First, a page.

Light is important for growing cymbidiums. Coming from cool and bright areas in Asia, they need high light but cool temperatures. In many southern climates, high summer temperatures, especially at night, may prevent the plants from blooming. The maximum amount of light possible, short of burning, should be given to the plants. This means only light shade during the middle of the day, or about 20 percent shade. In cool areas (such as coastal California), full sun is tolerated. Leaves should be a medium to golden green in color, not dark green.
From spring to autumn cymbidiums should be grown in the maximum amount of light (but not full sun). Feel the foliage to be sure that it is not warm since the leaves can sunburn.
Temperatures are another critical factor in flowering standard and miniature cymbidiums. During the summer, standard cymbidiums are usually grown outside in semishade, where day temperatures should be 75 to 85 F (or more), but night temperatures in the late summer to autumn (August to October) must be 50 to 60 F to initiate flower spikes. Optimum temperatures in winter are 45 to 55 F at night and 65 to 75 F during the day. When plants are in bud, temperatures must be as constant as possible, between 55 and 75 F. Miniatures can stand temperatures five to 10 degrees higher than standards and still flower. Most cymbidiums can tolerate light frosts and survive, but this is not recommended. Bring them inside when temperatures dip to 40 F. In mild climates, they can be grown outside year round. A bright and cool location inside is best for winter months.
If practical, bring in the cymbidiums in when frost is likely and then put them back out as it warms up. In the spring, move the cymbidiums out of doors as soon as the night temperature is going to stay in the mid 40’s or above and bring them back indoors in the fall when a light frost is predicted. It is very important for initiation of spikes to have a difference in temperatures between night and day. This can be achieved in the summer by sprinkling the leaves in the late afternoon or early evening for evaporative cooling.
Water to provide a constant supply of moisture to cymbidiums, which are semiterrestrial plants. They generally produce all their vegetative growth during the spring and summer and need the most water during that period. Water heavily during the growth season, keeping the potting material evenly moist. Reduce water when the pseudobulbs complete growing in late summer. Keep barely moist during the winter.
Cymbidiums need the most water during the spring and summer keeping the potting material evenly moist. Reduce water in late summer. Keep barely moist during the winter.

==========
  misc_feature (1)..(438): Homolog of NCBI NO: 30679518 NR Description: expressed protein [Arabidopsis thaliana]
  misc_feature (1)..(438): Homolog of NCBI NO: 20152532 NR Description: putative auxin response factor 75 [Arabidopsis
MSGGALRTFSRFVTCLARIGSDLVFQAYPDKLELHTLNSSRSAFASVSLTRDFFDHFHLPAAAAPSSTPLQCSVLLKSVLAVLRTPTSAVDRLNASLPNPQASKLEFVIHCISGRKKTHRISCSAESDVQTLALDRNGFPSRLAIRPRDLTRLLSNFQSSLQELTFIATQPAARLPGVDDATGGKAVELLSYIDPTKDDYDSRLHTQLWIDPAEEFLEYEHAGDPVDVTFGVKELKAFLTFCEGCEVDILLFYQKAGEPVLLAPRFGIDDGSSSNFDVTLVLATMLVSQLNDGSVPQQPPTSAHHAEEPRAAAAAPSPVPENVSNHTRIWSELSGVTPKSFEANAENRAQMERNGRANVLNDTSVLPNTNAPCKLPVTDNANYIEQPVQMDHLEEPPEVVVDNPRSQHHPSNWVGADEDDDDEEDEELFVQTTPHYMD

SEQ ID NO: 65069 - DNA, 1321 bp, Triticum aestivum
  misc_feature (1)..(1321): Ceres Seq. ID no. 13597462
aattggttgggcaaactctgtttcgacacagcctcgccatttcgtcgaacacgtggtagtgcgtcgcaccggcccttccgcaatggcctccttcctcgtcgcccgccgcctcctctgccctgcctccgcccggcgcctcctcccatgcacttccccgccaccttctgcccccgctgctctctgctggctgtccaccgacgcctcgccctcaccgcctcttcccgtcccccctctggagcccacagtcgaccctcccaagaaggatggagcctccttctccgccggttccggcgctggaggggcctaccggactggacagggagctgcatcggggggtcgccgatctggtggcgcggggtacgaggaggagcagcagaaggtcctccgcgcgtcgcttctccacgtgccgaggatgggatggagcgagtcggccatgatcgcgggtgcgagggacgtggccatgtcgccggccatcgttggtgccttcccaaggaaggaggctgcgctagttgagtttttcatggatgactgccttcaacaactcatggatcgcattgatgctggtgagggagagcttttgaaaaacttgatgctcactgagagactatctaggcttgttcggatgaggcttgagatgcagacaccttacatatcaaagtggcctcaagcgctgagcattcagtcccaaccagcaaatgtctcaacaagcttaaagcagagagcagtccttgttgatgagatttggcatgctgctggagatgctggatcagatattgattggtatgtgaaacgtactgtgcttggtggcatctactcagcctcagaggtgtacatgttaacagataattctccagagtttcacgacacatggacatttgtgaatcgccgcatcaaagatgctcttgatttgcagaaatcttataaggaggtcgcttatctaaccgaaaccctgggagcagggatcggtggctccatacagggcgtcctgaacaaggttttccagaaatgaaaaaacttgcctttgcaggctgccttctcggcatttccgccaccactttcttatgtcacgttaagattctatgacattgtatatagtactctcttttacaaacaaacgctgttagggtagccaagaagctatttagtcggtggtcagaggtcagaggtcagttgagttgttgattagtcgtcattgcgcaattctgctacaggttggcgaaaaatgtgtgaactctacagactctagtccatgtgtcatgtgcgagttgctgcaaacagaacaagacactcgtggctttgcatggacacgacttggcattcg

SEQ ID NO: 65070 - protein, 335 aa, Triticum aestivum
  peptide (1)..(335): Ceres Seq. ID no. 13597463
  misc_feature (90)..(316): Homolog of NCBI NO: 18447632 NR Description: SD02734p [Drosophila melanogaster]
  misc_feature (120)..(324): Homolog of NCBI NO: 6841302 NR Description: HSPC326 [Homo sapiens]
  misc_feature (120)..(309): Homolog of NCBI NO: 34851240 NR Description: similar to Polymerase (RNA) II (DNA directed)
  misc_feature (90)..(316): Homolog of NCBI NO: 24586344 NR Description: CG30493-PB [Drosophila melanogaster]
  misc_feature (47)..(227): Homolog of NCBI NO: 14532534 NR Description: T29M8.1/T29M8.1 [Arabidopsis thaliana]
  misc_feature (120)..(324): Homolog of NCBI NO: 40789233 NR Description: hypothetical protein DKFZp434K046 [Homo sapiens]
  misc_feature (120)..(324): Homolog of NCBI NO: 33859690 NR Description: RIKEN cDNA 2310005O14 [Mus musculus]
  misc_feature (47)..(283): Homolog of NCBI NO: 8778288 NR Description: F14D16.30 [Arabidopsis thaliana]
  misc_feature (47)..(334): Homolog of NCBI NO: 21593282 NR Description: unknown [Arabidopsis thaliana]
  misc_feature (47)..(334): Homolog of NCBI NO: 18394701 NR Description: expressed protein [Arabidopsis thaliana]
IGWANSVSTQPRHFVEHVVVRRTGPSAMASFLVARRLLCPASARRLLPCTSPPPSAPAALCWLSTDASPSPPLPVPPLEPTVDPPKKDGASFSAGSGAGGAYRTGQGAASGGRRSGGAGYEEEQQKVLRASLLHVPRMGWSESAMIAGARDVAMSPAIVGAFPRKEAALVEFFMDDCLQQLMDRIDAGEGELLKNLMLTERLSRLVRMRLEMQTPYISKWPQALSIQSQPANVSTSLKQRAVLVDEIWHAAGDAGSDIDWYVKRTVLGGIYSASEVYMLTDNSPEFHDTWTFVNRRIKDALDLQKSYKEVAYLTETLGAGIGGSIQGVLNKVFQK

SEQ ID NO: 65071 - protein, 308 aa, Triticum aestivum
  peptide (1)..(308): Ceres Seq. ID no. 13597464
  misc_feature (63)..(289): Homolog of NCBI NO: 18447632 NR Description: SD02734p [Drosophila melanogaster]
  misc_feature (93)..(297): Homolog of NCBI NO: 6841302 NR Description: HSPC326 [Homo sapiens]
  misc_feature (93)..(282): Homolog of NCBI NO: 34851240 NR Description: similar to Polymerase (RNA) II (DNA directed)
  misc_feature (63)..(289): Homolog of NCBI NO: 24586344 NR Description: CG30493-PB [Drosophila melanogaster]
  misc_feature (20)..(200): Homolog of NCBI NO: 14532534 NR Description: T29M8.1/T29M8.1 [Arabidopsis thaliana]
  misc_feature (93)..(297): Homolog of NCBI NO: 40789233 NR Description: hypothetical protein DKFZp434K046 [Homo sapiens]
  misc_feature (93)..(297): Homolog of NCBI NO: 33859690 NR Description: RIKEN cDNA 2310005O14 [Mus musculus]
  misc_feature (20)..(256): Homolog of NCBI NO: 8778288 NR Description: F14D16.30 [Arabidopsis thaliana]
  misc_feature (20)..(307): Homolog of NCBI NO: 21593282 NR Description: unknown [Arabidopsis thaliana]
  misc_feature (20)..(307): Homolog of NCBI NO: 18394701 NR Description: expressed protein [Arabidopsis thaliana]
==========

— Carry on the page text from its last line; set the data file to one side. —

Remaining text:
When watering, let the water run through for a minute or longer to thoroughly wet the potting mix. Do not use salt-softened or distilled water. Be sure to let the plant drain completely.
This is a good time to look closely at your plant for any sign of insects or disease.
Humidity outdoors is usually sufficient during the summer, except in dry climates, where evaporative cooling in a greenhouse is necessary. Keep humidity at 40 to 60 percent during the winter, especially if plants are in bud. Keep the air moving to prevent fungus (Botrytis) from spotting the flowers.
Fertilize at the proper time to help cymbidiums flower. During the growth season (spring through late summer), highnitrogen fertilizer (such as 30-10-10) is used. In late summer, use a high-phosphorus, blossom-booster fertilizer (such as 10-30-20), to help form bloom spikes. Fertilize at full strength every week to two weeks. In winter, fertilize once a month.
Any balanced orchid fertilizer (look at the numbers on the container, 20-20-20, etc.) can be used to fertilize your orchid. Feed cymbidiums every two weeks from March until September to help establish good growth and a good number of spikes in the fall. In late winter and the fall, feed once every three weeks and once a month in the mid winter.
Pottingis usually done in the spring after flowering, usually every two years or when the potting medium decomposes. Shake all of the old potting mix off the roots, dividing the plant if desired. Pick a water-retentive potting mix; medium-grade fir bark with peat moss and perlite is a common mix. Select a pot that will allow for at least two to three years of pseudobulb growth before crowding the pot, while planning on placing the active growing pseudobulb(s) of the division farthest from the side of the pot. Spread the roots over a cone of the mix in the bottom of the pot and fill the container with medium, working it among the roots, tamping firmly. Single backbulbs need not even be placed in mix until new growth and roots are noted. Keep shaded and warm until new growth sprouts, and pot as above.
Potting is usually done in the spring after flowering, usually every two years or when the potting medium decomposes.
Give your plants room for air to circulate around them. Crowding of plants can lead to problems with insect infestations and fungus. A small fan will help provide good air circulation around your plants when inside.
When the blooms are finished, remove the spikes at the base of the plant.